Choice of tamponading agent varied depending on the location and extent of the retinal breaks. We used 1300 centistokes silicone oil (Arciolane, Toulouse, France), 16% or 14% mixture of perfluoropropane (C 3 F 8 ), or 20% sulfur hexafluoride (SF 6 ). The eyes were flushed with 35 ml gas before initiation of trocar removal.
When silicone oil was used, a conjunctival flap over the 3 trocar insertion sites was opened and 7-0 Vicryl sutures (Johnson and Johnson company, St-Stevens-Woluwe, Belgium) were used to close the sclerotomy and conjunctiva in 2 layers. In cases with gas tamponade, suturing of sclerotomies was performed only in leaking trocar insertion sites based on the presence of subconjunctival gas bubbles associated with intraoperative hypotony during sequential trocar extraction ( Figure 1 ). After scleral suturing, additional nonexpansible gas mixture was injected into the vitreous cavity through the maintainer port, or through the sclera with a 30-gauge needle when leakage was evident from the last removed trocar entry wound. Subconjunctival injection of antibiotic (cefuroxime [Zinacef]; Panpharma, Fougères, France) was applied over each sclerotomy site. Antibiotic ointment and dexamethasone 0.1% were placed on the surface of the eye, followed by a patch and shield. In cases with gas tamponade, patients were instructed to position one side down for 10 days.
The study included 42 consecutive patients (42 eyes) who underwent 25-gauge PPV for RRD repair. The mean follow-up was 9 months (range, 3 to 18 months). On presentation, 33 eyes were pseudophakic and 9 eyes were phakic. Four eyes in the phakic group had a +3 cortical cataract, a +2 to +3 posterior subcapsular cataract, or both, and had combined phacoemulsification and intraocular lens plus 25-gauge PPV. Five eyes remained phakic, of which 1 eye had a history of an upper nasal radial sponge placement 10 days earlier for a macula-on RRD. It redetached because of development of a new superior tear.
There were 14 women and 28 men with an average age of 65.8 years (range, 47 to 83 years; standard deviation, 10.2 years) The preoperative BCVA of the 20 eyes (47.6%) with macula-on RRD ranged between 20/20 and 20/40 (mean, 20/30). Twenty-two eyes (52.4%) with macula-off RRD had a preoperative BCVA ranging between 20/70 and hand movements (mean, 20/400).
In 40 eyes (95.4%), retinopexy was applied only around areas of retinal breaks. Two eyes (4.6%) with extensive pigmented lattice and atrophic peripheral changes had additional 360-degree laser barrage. One eye had cryoretinopexy around a lower nasal break. In the phakic group, tamponade choice for all the eyes was 20% SF 6 (all had superior tears between 9 and 3 o’clock). In the 37 pseudophakic cases, 24 eyes (64.9%) received tamponade with 20% SF 6 , 9 eyes (24.3%) received silicone oil, and 3 eyes (8.1%) and 1 eye (2.7%) received tamponade with 14% and 16% C 3 F 8 , respectively. In eyes with at least 1 superior break associated with at an additional break below 4 to 8 o’clock, silicone oil was used. A mixture of 16% C 3 F 8 was chosen in a case with a single break at 5 o’clock. A 14% mixture of C 3 F 8 was used in an eye with a superior break spanning 1.5 hours below 1 o’clock and in 2 eyes with single breaks at 3 to 4 and 8 to 9 o’clock. A nonexpansile mixture of 20% SF 6 was used in all other cases with breaks between 9 and 3 o’clock.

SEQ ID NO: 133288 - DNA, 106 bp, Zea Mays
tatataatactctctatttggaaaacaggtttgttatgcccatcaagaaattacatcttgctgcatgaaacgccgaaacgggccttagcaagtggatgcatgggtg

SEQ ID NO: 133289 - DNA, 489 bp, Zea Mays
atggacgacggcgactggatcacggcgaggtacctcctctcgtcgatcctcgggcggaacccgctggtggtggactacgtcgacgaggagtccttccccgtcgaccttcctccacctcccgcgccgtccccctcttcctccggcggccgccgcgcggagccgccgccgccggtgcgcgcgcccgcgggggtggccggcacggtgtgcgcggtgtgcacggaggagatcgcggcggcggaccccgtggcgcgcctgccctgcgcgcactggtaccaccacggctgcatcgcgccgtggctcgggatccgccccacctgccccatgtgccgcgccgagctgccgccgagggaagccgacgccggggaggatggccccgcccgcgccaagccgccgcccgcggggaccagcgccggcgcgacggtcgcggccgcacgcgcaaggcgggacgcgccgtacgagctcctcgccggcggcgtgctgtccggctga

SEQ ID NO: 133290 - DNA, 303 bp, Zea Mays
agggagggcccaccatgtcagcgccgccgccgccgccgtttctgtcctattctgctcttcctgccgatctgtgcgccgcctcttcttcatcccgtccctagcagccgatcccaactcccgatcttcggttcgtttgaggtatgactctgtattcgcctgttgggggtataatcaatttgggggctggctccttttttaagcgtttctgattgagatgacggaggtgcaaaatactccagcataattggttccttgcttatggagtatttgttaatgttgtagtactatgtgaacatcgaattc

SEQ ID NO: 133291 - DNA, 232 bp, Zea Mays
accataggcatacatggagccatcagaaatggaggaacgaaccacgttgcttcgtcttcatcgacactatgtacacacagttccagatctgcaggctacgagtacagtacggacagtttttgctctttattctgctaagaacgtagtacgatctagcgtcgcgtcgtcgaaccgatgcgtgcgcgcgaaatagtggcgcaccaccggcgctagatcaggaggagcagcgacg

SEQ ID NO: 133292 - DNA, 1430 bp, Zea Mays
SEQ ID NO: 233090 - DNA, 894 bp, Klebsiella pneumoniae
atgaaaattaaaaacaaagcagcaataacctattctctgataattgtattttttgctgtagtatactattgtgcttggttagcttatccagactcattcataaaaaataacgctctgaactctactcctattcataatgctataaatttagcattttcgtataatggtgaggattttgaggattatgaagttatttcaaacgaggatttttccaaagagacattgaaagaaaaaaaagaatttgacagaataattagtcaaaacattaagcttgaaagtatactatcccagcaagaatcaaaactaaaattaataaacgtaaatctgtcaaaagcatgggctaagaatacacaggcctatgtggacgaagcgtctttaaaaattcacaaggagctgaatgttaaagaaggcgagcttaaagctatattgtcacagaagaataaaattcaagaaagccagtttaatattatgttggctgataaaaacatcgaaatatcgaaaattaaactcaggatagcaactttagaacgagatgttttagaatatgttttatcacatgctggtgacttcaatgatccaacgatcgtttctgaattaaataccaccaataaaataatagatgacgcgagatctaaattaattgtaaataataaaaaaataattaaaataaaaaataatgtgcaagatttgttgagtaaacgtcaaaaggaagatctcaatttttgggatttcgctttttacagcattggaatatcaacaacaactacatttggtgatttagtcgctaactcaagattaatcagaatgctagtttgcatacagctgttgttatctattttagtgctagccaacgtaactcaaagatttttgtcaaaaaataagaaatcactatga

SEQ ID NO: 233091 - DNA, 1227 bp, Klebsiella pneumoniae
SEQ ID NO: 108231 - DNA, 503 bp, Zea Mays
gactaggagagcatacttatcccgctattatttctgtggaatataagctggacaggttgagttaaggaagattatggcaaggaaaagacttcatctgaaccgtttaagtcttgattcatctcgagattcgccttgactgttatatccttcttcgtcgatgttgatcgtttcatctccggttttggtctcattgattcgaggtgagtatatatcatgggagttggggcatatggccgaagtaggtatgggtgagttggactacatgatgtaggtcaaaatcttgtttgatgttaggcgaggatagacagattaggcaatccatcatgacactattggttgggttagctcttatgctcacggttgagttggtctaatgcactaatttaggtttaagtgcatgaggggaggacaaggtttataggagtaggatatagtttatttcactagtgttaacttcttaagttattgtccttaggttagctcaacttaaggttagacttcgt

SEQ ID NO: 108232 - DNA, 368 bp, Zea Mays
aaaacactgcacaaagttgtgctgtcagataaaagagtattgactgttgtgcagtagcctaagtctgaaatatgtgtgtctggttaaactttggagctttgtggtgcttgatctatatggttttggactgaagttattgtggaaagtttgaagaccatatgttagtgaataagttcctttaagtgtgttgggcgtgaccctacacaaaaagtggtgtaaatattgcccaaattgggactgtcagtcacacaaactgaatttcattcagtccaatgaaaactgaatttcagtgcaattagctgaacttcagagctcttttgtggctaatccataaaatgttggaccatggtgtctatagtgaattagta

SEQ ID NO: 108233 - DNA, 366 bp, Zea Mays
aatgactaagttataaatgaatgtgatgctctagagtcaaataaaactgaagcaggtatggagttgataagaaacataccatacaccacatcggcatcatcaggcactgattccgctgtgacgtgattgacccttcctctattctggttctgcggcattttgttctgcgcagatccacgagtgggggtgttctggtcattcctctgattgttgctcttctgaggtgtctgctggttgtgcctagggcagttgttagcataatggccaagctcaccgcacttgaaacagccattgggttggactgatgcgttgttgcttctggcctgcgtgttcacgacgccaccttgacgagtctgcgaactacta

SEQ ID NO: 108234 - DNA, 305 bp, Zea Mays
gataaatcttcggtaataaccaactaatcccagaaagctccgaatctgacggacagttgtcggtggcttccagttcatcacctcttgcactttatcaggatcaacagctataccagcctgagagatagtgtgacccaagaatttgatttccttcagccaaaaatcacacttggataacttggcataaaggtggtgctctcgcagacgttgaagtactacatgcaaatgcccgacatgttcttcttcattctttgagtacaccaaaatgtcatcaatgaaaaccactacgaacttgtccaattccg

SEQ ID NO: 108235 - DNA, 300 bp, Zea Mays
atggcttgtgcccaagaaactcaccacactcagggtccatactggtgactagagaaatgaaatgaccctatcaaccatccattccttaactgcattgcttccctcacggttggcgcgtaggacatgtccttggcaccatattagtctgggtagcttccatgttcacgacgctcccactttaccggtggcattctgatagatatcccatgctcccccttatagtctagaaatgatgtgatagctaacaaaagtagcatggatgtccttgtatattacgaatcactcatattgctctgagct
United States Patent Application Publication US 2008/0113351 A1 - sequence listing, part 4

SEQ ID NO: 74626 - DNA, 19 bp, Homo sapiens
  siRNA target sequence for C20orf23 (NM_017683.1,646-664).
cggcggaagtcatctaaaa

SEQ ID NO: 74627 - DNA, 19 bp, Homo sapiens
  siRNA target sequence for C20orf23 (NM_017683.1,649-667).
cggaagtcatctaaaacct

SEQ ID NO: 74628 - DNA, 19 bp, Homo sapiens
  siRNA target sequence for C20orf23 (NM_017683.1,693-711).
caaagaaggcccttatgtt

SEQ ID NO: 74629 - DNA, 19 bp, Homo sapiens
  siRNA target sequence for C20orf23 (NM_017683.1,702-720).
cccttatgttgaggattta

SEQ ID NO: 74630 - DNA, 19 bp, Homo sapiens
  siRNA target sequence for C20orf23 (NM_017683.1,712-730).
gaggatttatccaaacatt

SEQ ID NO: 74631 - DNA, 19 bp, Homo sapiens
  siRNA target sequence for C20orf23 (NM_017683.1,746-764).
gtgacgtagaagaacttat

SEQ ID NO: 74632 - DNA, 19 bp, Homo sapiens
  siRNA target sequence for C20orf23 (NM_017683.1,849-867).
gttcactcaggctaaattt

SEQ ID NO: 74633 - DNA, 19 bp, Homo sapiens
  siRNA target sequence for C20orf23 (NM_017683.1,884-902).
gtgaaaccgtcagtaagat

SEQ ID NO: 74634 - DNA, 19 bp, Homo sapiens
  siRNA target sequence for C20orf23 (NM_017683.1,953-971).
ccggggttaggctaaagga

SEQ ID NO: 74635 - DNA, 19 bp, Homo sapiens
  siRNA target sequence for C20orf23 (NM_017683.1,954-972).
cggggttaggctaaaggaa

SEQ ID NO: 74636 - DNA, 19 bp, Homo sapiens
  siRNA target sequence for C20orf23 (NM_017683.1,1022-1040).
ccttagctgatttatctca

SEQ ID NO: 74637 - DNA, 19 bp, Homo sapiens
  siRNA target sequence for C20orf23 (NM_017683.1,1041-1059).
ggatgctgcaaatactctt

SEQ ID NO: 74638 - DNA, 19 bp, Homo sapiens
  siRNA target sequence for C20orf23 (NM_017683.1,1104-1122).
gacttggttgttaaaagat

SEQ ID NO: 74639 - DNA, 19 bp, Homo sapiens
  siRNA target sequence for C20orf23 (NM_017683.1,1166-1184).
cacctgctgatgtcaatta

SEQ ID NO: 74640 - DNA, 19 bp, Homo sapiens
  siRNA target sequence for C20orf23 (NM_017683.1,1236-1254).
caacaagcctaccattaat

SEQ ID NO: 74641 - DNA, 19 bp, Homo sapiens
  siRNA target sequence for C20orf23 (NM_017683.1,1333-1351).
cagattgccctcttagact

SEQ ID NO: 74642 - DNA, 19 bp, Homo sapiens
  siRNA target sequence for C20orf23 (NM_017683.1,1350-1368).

Twelve (36.4%) of the 33 eyes receiving gas tamponade had suture placement on at least 1 leaky sclerotomy. All the eyes filled with silicone oil had scleral suture placement on all 3 sclerotomies. On the first postoperative day, all the eyes receiving gas tamponade had a 100% fill. None of the eyes in the study had postoperative hypotony, ciliochoroidal effusion, or choroidal hemorrhage. No cases of postoperative subconjunctival gas or oil leakage were noted.
The 5 phakic eyes had a +1 to +2 nuclear sclerosis cataract on presentation. On the first postoperative day, 4 of the 5 eyes had gas-induced posterior feathering of the lens with poor view of the fundus. During follow-up, the lens returned to its baseline clarity within 2 to 4 weeks. None of these eyes had progression of the cataract during the follow-up.
Two of the 9 eyes that had silicone oil tamponade displayed mild anterior chamber flare lasting more than 1 month after surgery. In all cases, the silicone oil was removed after 3 months from the initial RRD repair. None of these cases displayed hypotony after oil removal or signs of uveitis.
The single operation success rate was 41 (97.6%) of 42. One pseudophakic eye redetached on postoperative day 5 because of progression of inferior proliferative vitreoretinopathy. In 3 pseudophakic eyes, visually significant postoperative epiretinal membrane (ERM) developed that was diagnosed at 4 to 12 weeks after the RRD surgery. All 3 underwent a subsequent 25-gauge ERM peel. The final BCVA of the 20 eyes with macula-on RRD ranged between 20/20 and 20/40 (mean, 20/30). In the 22 eyes with macula-off RRD, the postoperative BCVA ranged between 20/30 and 20/400 (mean, 20/73).
Analysis of available digital video disc recordings of 22 cases for events of iatrogenic retinal breaks caused by the vitreous cutter revealed 2 occurrences of a single iatrogenic round hole in an area of detached retina. Enlargement of a preexisting retinal break during air–fluid exchange by the soft-tip cannula requiring additional laser was observed in 2 cases. Two cases also displayed mild temporary hemorrhage at the edge of the tear after tugging by the active soft-tip extrusion cannula during air–fluid exchange.
In 1 phakic case, a pigmented subconjunctival scar was noted by the patient at the upper-nasal sclerotomy insertion site ( Figure 2 ). The pigmentation slowly disappeared within a few months.